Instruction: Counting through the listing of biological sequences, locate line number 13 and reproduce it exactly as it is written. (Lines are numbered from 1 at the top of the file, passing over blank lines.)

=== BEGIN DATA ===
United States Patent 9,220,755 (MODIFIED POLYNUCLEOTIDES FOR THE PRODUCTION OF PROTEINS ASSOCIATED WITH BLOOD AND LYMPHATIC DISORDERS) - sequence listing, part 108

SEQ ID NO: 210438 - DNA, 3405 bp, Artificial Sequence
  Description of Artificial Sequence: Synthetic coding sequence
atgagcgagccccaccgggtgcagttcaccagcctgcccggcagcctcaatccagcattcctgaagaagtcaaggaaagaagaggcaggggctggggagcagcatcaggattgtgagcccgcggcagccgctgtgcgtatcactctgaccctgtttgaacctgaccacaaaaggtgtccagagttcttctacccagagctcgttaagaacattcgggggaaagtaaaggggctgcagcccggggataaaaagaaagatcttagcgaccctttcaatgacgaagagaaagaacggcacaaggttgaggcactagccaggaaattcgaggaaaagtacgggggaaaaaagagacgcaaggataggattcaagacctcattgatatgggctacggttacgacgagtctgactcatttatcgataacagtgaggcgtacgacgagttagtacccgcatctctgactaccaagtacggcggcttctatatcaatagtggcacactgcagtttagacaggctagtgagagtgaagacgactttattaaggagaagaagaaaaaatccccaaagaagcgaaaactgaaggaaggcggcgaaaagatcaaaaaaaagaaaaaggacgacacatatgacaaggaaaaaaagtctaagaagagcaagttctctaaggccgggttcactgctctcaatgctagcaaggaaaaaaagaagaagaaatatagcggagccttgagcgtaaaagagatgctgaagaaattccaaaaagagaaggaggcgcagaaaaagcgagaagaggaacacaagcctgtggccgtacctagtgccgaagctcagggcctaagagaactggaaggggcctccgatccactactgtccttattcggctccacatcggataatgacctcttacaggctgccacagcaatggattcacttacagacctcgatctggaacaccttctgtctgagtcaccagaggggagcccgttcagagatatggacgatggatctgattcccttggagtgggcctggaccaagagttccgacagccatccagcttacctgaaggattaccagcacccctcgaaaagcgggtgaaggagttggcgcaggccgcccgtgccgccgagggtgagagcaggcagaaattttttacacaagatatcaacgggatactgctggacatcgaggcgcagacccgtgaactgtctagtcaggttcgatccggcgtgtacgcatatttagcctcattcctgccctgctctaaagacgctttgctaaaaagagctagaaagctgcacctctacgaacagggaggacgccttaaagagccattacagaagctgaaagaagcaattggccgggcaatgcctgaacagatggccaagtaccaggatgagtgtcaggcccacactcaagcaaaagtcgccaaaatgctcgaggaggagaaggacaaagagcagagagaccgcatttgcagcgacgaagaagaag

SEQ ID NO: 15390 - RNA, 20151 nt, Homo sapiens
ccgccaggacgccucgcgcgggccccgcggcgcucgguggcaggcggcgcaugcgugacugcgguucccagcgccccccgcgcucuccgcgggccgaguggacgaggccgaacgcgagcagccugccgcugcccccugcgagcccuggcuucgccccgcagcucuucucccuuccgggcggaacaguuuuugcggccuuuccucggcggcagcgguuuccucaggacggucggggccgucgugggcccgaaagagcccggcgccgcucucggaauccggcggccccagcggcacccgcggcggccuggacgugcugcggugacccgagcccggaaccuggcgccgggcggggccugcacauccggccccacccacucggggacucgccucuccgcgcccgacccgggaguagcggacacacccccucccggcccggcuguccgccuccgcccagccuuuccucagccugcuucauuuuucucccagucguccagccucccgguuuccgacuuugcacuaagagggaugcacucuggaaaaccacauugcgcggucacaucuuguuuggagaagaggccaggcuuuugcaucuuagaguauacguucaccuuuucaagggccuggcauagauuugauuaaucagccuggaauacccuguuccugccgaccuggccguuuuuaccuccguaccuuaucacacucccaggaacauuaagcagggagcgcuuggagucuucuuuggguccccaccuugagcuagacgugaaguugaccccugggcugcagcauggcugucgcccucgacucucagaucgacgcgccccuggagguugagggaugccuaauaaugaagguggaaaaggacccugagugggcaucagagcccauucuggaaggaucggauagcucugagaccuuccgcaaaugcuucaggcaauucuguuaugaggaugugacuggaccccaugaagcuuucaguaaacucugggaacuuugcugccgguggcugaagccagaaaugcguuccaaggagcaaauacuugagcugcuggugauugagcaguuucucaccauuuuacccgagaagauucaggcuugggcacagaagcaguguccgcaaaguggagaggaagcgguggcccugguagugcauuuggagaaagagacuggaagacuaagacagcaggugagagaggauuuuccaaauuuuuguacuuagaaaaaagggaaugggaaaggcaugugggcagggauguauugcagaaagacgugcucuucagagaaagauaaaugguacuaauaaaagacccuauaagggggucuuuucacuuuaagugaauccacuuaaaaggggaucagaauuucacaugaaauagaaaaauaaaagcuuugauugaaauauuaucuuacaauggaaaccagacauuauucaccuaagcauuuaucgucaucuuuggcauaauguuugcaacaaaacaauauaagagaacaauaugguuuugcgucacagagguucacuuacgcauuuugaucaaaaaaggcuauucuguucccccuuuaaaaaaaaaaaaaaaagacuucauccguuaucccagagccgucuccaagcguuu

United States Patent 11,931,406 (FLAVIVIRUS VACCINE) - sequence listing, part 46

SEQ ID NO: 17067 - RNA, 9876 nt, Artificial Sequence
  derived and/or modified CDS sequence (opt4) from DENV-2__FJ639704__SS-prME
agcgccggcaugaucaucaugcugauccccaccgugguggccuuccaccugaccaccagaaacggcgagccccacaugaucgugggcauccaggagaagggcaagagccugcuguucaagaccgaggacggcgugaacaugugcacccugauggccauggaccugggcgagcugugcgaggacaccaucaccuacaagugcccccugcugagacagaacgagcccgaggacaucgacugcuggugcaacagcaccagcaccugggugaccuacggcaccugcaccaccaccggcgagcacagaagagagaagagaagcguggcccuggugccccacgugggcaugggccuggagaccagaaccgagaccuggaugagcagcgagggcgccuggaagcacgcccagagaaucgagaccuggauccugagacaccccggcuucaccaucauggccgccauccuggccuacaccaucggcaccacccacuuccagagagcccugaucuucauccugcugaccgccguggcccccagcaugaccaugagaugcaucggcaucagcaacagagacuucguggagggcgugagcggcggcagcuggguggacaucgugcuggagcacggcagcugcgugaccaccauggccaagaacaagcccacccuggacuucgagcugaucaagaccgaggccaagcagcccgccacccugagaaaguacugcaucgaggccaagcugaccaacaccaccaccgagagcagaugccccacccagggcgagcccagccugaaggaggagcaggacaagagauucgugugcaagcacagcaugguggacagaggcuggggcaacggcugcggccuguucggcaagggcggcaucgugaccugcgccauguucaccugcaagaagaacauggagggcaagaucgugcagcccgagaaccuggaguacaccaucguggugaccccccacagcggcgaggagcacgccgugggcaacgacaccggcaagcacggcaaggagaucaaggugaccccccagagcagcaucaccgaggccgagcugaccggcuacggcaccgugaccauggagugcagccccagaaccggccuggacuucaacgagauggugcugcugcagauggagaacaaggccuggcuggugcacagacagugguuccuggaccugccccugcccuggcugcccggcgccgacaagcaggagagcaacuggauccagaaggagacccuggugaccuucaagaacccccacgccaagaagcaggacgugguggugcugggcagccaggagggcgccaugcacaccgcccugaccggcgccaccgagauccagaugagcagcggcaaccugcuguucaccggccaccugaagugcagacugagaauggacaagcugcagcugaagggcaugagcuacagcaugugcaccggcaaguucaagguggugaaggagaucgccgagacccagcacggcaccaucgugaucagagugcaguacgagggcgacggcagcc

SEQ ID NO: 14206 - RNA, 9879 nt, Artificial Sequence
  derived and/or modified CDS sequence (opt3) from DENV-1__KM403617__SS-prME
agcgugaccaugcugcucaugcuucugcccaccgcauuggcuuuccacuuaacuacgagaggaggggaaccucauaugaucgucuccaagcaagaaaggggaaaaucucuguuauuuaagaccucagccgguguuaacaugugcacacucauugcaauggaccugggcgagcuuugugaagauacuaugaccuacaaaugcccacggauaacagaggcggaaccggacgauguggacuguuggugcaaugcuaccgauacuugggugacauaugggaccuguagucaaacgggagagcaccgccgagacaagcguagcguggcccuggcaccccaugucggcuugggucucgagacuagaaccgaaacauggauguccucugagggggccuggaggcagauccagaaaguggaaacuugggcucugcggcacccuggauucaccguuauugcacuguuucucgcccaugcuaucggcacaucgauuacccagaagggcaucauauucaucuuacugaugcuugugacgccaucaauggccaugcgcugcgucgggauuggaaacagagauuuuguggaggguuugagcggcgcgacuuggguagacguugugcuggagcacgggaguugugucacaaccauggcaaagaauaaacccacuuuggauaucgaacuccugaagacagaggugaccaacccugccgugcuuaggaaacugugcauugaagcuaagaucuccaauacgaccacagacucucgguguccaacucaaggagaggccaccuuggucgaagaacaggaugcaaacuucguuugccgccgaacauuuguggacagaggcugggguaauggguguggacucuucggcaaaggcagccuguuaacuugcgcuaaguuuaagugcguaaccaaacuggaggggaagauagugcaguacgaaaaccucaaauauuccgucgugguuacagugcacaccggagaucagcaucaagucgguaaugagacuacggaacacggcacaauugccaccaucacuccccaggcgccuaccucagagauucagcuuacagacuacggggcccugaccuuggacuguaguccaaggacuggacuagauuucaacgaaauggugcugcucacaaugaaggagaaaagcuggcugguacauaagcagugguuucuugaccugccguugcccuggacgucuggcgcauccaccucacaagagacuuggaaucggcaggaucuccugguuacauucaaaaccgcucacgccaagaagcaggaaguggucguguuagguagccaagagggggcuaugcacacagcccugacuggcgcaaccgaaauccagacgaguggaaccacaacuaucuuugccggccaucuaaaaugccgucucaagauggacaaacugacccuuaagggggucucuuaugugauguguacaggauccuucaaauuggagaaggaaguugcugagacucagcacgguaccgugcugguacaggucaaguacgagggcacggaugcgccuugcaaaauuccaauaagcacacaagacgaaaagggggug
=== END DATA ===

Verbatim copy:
agcgugaccaugcugcucaugcuucugcccaccgcauuggcuuuccacuuaacuacgagaggaggggaaccucauaugaucgucuccaagcaagaaaggggaaaaucucuguuauuuaagaccucagccgguguuaacaugugcacacucauugcaauggaccugggcgagcuuugugaagauacuaugaccuacaaaugcccacggauaacagaggcggaaccggacgauguggacuguuggugcaaugcuaccgauacuugggugacauaugggaccuguagucaaacgggagagcaccgccgagacaagcguagcguggcccuggcaccccaugucggcuugggucucgagacuagaaccgaaacauggauguccucugagggggccuggaggcagauccagaaaguggaaacuugggcucugcggcacccuggauucaccguuauugcacuguuucucgcccaugcuaucggcacaucgauuacccagaagggcaucauauucaucuuacugaugcuugugacgccaucaauggccaugcgcugcgucgggauuggaaacagagauuuuguggaggguuugagcggcgcgacuuggguagacguugugcuggagcacgggaguugugucacaaccauggcaaagaauaaacccacuuuggauaucgaacuccugaagacagaggugaccaacccugccgugcuuaggaaacugugcauugaagcuaagaucuccaauacgaccacagacucucgguguccaacucaaggagaggccaccuuggucgaagaacaggaugcaaacuucguuugccgccgaacauuuguggacagaggcugggguaauggguguggacucuucggcaaaggcagccuguuaacuugcgcuaaguuuaagugcguaaccaaacuggaggggaagauagugcaguacgaaaaccucaaauauuccgucgugguuacagugcacaccggagaucagcaucaagucgguaaugagacuacggaacacggcacaauugccaccaucacuccccaggcgccuaccucagagauucagcuuacagacuacggggcccugaccuuggacuguaguccaaggacuggacuagauuucaacgaaauggugcugcucacaaugaaggagaaaagcuggcugguacauaagcagugguuucuugaccugccguugcccuggacgucuggcgcauccaccucacaagagacuuggaaucggcaggaucuccugguuacauucaaaaccgcucacgccaagaagcaggaaguggucguguuagguagccaagagggggcuaugcacacagcccugacuggcgcaaccgaaauccagacgaguggaaccacaacuaucuuugccggccaucuaaaaugccgucucaagauggacaaacugacccuuaagggggucucuuaugugauguguacaggauccuucaaauuggagaaggaaguugcugagacucagcacgguaccgugcugguacaggucaaguacgagggcacggaugcgccuugcaaaauuccaauaagcacacaagacgaaaagggggug